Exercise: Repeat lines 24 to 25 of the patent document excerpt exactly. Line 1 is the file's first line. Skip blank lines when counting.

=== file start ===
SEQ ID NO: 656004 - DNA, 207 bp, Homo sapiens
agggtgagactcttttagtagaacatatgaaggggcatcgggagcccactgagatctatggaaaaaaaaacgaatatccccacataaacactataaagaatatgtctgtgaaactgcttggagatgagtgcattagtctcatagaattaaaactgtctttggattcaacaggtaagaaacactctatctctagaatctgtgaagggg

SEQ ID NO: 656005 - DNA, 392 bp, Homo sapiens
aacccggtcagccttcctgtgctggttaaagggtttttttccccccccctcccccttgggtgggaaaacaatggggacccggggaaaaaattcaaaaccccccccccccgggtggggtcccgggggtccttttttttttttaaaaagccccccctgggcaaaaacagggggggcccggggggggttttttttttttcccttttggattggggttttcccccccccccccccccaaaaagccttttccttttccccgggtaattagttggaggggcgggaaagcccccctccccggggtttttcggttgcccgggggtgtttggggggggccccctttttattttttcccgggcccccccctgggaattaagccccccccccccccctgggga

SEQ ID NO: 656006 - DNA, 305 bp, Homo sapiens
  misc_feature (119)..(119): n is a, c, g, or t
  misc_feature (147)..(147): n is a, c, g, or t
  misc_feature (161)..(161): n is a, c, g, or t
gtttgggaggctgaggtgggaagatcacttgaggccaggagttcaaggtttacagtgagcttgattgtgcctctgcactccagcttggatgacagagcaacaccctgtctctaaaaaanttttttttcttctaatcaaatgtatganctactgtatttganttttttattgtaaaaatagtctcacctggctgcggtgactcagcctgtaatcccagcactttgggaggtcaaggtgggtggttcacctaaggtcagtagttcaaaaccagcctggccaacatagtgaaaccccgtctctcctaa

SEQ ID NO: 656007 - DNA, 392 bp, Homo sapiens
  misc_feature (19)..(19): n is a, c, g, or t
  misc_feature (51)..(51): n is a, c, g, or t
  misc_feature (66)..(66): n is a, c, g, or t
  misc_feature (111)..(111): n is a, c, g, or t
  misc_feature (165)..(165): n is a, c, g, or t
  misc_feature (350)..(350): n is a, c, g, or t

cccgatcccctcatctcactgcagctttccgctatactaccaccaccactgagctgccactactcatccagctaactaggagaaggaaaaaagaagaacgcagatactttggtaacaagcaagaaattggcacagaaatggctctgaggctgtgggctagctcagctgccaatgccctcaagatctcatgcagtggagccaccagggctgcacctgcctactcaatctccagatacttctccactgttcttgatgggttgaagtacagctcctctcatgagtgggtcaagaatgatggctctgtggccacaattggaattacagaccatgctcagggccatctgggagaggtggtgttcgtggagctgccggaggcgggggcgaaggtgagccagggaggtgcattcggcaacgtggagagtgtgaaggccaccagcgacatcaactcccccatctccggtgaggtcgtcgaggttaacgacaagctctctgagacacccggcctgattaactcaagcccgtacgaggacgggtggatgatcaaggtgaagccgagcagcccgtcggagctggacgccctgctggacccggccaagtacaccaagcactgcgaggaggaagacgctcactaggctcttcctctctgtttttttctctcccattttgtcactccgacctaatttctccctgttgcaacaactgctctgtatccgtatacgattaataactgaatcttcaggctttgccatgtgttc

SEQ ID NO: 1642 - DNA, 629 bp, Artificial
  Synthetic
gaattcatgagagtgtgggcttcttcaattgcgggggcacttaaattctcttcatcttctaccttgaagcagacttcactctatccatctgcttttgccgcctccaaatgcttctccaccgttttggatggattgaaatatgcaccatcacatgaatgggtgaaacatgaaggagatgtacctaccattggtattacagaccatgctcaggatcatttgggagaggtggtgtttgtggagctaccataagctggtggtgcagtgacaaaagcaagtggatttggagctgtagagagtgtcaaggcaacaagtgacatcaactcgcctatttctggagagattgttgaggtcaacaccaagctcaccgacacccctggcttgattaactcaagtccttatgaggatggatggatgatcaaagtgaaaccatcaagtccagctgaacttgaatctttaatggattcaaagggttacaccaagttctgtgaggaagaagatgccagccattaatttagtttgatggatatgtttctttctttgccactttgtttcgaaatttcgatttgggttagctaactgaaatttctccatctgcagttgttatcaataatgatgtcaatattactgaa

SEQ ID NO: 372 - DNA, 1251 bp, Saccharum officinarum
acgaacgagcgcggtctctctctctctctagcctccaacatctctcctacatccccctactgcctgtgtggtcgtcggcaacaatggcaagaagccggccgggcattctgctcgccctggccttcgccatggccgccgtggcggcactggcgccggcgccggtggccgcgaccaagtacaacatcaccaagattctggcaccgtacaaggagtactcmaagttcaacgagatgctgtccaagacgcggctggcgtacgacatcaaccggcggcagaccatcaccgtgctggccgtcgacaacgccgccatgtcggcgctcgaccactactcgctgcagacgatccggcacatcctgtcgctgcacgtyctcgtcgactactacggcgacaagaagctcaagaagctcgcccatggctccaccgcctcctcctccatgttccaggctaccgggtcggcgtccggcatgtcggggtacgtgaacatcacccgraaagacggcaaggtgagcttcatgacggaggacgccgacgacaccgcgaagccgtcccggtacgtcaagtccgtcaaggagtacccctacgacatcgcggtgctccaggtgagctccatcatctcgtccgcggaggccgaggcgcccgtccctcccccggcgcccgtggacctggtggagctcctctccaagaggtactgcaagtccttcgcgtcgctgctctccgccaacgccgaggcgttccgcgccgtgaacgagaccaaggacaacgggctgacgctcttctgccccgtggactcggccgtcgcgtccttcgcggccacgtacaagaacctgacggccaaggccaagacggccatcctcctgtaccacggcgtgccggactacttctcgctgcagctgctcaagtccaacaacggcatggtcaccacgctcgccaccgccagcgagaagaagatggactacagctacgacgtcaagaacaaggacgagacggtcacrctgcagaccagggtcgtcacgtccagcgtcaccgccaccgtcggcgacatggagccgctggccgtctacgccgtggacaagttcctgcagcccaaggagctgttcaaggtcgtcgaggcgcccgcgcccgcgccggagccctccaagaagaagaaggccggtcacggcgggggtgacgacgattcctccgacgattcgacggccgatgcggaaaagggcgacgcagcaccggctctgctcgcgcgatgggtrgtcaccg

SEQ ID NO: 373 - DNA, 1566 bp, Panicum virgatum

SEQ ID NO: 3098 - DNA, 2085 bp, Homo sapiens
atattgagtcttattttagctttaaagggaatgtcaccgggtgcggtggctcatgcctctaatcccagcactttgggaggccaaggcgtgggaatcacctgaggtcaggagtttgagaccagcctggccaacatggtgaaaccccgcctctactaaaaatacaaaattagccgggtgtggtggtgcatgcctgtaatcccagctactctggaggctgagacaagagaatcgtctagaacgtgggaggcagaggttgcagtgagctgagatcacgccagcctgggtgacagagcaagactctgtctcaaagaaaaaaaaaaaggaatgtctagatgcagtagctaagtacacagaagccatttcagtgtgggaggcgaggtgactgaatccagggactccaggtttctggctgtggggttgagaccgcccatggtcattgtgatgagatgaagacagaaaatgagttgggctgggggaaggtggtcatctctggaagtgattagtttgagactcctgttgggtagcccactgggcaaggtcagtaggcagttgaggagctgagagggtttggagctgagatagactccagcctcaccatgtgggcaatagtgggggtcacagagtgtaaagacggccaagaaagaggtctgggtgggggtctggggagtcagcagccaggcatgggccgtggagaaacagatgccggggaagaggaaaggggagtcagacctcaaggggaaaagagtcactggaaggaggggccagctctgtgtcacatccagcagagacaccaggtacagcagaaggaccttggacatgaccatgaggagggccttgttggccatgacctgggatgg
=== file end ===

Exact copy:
SEQ ID NO: 3098 - DNA, 2085 bp, Homo sapiens
atattgagtcttattttagctttaaagggaatgtcaccgggtgcggtggctcatgcctctaatcccagcactttgggaggccaaggcgtgggaatcacctgaggtcaggagtttgagaccagcctggccaacatggtgaaaccccgcctctactaaaaatacaaaattagccgggtgtggtggtgcatgcctgtaatcccagctactctggaggctgagacaagagaatcgtctagaacgtgggaggcagaggttgcagtgagctgagatcacgccagcctgggtgacagagcaagactctgtctcaaagaaaaaaaaaaaggaatgtctagatgcagtagctaagtacacagaagccatttcagtgtgggaggcgaggtgactgaatccagggactccaggtttctggctgtggggttgagaccgcccatggtcattgtgatgagatgaagacagaaaatgagttgggctgggggaaggtggtcatctctggaagtgattagtttgagactcctgttgggtagcccactgggcaaggtcagtaggcagttgaggagctgagagggtttggagctgagatagactccagcctcaccatgtgggcaatagtgggggtcacagagtgtaaagacggccaagaaagaggtctgggtgggggtctggggagtcagcagccaggcatgggccgtggagaaacagatgccggggaagaggaaaggggagtcagacctcaaggggaaaagagtcactggaaggaggggccagctctgtgtcacatccagcagagacaccaggtacagcagaaggaccttggacatgaccatgaggagggccttgttggccatgacctgggatgg